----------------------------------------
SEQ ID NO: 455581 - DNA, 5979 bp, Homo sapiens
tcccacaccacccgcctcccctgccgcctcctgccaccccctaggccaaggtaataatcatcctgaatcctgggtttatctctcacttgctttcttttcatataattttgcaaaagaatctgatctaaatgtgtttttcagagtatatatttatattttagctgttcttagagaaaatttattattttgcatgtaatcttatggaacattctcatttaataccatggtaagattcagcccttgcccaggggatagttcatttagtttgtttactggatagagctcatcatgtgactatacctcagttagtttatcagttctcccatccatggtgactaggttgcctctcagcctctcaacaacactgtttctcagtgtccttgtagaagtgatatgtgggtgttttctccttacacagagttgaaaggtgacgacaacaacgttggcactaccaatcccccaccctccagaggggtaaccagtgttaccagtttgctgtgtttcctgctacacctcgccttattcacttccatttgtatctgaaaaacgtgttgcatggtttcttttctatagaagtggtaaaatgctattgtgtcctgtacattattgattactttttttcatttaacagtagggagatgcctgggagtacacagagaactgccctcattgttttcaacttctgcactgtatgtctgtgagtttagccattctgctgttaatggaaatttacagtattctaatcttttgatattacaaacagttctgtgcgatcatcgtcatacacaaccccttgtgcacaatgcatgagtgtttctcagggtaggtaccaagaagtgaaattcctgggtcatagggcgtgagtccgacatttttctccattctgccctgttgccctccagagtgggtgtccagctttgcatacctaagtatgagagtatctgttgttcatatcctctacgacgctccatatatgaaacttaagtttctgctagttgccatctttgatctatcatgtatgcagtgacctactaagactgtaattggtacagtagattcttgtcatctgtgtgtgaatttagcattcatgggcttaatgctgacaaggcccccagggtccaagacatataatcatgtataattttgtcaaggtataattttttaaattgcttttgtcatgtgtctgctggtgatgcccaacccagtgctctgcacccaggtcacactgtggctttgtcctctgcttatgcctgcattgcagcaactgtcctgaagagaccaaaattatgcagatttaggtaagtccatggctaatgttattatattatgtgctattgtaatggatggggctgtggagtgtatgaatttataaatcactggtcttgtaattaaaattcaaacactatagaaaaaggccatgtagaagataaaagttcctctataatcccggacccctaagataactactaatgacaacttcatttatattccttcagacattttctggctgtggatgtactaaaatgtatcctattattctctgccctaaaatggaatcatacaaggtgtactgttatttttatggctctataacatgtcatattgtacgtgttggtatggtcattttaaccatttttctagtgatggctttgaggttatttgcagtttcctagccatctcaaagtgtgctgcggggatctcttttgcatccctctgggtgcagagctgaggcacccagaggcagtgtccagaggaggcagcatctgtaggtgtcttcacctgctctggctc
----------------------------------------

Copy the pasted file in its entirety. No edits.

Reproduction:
SEQ ID NO: 455581 - DNA, 5979 bp, Homo sapiens
tcccacaccacccgcctcccctgccgcctcctgccaccccctaggccaaggtaataatcatcctgaatcctgggtttatctctcacttgctttcttttcatataattttgcaaaagaatctgatctaaatgtgtttttcagagtatatatttatattttagctgttcttagagaaaatttattattttgcatgtaatcttatggaacattctcatttaataccatggtaagattcagcccttgcccaggggatagttcatttagtttgtttactggatagagctcatcatgtgactatacctcagttagtttatcagttctcccatccatggtgactaggttgcctctcagcctctcaacaacactgtttctcagtgtccttgtagaagtgatatgtgggtgttttctccttacacagagttgaaaggtgacgacaacaacgttggcactaccaatcccccaccctccagaggggtaaccagtgttaccagtttgctgtgtttcctgctacacctcgccttattcacttccatttgtatctgaaaaacgtgttgcatggtttcttttctatagaagtggtaaaatgctattgtgtcctgtacattattgattactttttttcatttaacagtagggagatgcctgggagtacacagagaactgccctcattgttttcaacttctgcactgtatgtctgtgagtttagccattctgctgttaatggaaatttacagtattctaatcttttgatattacaaacagttctgtgcgatcatcgtcatacacaaccccttgtgcacaatgcatgagtgtttctcagggtaggtaccaagaagtgaaattcctgggtcatagggcgtgagtccgacatttttctccattctgccctgttgccctccagagtgggtgtccagctttgcatacctaagtatgagagtatctgttgttcatatcctctacgacgctccatatatgaaacttaagtttctgctagttgccatctttgatctatcatgtatgcagtgacctactaagactgtaattggtacagtagattcttgtcatctgtgtgtgaatttagcattcatgggcttaatgctgacaaggcccccagggtccaagacatataatcatgtataattttgtcaaggtataattttttaaattgcttttgtcatgtgtctgctggtgatgcccaacccagtgctctgcacccaggtcacactgtggctttgtcctctgcttatgcctgcattgcagcaactgtcctgaagagaccaaaattatgcagatttaggtaagtccatggctaatgttattatattatgtgctattgtaatggatggggctgtggagtgtatgaatttataaatcactggtcttgtaattaaaattcaaacactatagaaaaaggccatgtagaagataaaagttcctctataatcccggacccctaagataactactaatgacaacttcatttatattccttcagacattttctggctgtggatgtactaaaatgtatcctattattctctgccctaaaatggaatcatacaaggtgtactgttatttttatggctctataacatgtcatattgtacgtgttggtatggtcattttaaccatttttctagtgatggctttgaggttatttgcagtttcctagccatctcaaagtgtgctgcggggatctcttttgcatccctctgggtgcagagctgaggcacccagaggcagtgtccagaggaggcagcatctgtaggtgtcttcacctgctctggctc